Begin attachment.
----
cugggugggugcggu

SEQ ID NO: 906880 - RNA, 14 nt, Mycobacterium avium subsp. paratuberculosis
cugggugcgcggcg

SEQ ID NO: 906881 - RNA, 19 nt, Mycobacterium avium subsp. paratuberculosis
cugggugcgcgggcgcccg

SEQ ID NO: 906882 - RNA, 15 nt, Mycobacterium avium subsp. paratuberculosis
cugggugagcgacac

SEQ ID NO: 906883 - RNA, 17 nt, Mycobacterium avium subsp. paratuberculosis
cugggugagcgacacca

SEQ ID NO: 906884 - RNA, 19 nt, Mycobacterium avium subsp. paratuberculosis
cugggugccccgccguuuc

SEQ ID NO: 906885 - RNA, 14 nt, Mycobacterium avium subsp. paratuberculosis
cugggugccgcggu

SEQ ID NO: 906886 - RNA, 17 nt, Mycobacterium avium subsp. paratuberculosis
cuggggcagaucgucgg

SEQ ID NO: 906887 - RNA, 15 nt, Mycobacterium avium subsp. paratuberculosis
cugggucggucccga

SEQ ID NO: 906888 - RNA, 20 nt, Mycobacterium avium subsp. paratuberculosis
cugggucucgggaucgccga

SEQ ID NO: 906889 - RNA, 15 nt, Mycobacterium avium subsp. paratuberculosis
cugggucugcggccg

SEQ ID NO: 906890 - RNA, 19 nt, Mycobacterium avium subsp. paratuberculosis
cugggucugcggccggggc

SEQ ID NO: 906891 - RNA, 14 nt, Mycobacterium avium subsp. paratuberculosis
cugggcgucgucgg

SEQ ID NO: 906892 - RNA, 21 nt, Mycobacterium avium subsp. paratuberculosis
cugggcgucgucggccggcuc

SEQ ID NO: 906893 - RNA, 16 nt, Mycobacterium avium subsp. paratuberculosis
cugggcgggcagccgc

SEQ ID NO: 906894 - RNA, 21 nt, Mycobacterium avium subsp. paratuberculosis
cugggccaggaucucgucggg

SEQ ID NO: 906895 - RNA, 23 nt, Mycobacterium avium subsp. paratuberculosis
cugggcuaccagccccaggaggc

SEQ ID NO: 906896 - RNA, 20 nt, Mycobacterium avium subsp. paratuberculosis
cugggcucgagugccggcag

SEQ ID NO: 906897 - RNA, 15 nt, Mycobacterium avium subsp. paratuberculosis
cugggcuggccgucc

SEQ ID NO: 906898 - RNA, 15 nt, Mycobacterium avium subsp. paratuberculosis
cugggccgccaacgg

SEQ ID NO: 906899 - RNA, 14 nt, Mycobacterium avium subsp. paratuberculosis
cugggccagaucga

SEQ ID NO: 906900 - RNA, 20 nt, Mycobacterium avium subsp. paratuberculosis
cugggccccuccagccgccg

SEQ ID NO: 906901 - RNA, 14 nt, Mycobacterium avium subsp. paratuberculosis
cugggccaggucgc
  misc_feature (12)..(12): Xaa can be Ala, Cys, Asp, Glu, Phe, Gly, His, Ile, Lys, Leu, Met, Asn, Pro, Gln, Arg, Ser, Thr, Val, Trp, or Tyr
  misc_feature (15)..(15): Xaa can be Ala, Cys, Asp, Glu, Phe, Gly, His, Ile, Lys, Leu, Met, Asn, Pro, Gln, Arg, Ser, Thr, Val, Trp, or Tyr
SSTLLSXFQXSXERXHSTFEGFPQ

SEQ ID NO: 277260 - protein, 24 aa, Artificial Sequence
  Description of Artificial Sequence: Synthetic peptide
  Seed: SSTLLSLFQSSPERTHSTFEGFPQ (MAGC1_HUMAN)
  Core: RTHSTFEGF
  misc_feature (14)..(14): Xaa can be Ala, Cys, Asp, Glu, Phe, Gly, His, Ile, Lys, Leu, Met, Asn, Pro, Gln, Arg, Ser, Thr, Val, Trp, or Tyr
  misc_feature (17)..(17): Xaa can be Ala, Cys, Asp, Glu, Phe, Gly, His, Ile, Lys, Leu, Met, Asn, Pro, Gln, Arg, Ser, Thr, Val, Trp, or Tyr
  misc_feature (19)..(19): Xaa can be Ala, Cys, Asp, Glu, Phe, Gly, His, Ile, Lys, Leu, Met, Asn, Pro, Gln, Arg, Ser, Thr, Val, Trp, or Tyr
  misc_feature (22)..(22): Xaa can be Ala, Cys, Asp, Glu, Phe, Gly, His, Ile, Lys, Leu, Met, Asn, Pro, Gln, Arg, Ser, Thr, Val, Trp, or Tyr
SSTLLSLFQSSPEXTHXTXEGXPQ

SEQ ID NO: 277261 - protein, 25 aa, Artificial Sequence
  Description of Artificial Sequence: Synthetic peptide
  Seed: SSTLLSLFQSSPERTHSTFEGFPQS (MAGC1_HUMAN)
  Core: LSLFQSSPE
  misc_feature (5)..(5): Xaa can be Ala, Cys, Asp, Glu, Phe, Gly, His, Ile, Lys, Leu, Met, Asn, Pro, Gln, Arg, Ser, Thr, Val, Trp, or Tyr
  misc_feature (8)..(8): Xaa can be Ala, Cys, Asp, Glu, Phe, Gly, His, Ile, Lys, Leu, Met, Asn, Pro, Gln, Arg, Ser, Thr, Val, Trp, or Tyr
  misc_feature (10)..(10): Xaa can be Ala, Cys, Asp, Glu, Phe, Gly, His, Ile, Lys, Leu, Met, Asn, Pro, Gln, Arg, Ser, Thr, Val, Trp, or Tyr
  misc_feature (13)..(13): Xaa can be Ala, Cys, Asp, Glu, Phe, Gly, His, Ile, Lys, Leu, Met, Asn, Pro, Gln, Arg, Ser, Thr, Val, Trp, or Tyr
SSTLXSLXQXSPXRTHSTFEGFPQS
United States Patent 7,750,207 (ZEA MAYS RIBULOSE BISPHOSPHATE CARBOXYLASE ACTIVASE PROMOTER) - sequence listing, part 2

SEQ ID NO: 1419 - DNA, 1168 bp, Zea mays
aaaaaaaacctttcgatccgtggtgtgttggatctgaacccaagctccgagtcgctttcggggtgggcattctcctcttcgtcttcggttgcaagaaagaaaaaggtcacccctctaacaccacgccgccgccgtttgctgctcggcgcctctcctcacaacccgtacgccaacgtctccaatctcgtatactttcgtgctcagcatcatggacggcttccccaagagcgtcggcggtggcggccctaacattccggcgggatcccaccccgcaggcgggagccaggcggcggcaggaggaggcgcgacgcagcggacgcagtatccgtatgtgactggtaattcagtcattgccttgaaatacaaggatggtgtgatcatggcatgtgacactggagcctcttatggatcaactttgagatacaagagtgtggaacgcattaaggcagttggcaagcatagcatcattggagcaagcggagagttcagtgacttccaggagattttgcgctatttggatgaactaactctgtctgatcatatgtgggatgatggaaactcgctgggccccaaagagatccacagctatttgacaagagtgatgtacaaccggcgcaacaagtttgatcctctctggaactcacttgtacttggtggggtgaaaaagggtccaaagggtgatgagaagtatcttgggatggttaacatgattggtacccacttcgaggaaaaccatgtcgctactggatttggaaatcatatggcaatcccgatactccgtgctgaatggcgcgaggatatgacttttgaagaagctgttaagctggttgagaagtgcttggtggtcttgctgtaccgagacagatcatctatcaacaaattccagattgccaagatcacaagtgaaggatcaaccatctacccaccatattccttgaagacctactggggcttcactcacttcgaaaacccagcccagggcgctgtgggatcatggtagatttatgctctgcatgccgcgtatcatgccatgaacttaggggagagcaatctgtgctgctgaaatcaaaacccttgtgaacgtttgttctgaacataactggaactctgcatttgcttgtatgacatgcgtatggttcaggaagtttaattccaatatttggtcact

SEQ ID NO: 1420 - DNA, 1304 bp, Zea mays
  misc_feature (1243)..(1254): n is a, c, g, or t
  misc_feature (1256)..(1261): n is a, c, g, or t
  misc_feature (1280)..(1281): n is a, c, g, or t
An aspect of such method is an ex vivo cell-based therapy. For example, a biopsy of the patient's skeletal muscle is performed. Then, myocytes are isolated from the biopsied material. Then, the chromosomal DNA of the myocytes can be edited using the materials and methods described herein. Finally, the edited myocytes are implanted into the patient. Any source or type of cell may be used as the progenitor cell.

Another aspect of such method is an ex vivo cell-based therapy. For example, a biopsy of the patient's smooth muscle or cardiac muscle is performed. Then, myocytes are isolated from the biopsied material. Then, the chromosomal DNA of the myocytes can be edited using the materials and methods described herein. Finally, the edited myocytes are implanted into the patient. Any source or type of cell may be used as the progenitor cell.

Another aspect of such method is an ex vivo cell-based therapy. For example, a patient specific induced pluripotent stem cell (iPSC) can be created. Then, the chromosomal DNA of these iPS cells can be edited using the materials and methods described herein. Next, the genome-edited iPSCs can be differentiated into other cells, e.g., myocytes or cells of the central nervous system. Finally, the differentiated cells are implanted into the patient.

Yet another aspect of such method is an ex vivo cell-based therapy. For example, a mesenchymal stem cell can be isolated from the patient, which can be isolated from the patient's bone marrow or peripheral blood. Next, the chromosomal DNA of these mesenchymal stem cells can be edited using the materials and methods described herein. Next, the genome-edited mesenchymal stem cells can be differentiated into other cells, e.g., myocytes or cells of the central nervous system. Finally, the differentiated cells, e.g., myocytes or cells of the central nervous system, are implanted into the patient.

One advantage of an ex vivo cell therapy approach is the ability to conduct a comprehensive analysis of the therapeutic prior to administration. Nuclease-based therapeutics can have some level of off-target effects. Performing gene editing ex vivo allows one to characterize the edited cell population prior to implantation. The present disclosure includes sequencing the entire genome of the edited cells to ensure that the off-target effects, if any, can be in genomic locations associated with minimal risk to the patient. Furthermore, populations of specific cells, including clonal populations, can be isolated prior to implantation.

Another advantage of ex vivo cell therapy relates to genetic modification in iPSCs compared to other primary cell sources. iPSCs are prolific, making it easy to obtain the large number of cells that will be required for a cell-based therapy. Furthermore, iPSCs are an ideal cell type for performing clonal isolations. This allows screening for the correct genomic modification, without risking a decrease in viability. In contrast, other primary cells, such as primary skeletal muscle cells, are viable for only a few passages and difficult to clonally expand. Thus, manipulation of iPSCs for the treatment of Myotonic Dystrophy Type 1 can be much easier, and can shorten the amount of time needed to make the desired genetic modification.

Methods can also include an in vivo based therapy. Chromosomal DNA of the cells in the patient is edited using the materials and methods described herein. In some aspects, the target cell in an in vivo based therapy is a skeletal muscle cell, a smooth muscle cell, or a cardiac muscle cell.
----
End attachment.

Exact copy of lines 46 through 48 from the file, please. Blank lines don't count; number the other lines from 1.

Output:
  misc_feature (12)..(12): Xaa can be Ala, Cys, Asp, Glu, Phe, Gly, His, Ile, Lys, Leu, Met, Asn, Pro, Gln, Arg, Ser, Thr, Val, Trp, or Tyr
  misc_feature (15)..(15): Xaa can be Ala, Cys, Asp, Glu, Phe, Gly, His, Ile, Lys, Leu, Met, Asn, Pro, Gln, Arg, Ser, Thr, Val, Trp, or Tyr
SSTLLSXFQXSXERXHSTFEGFPQ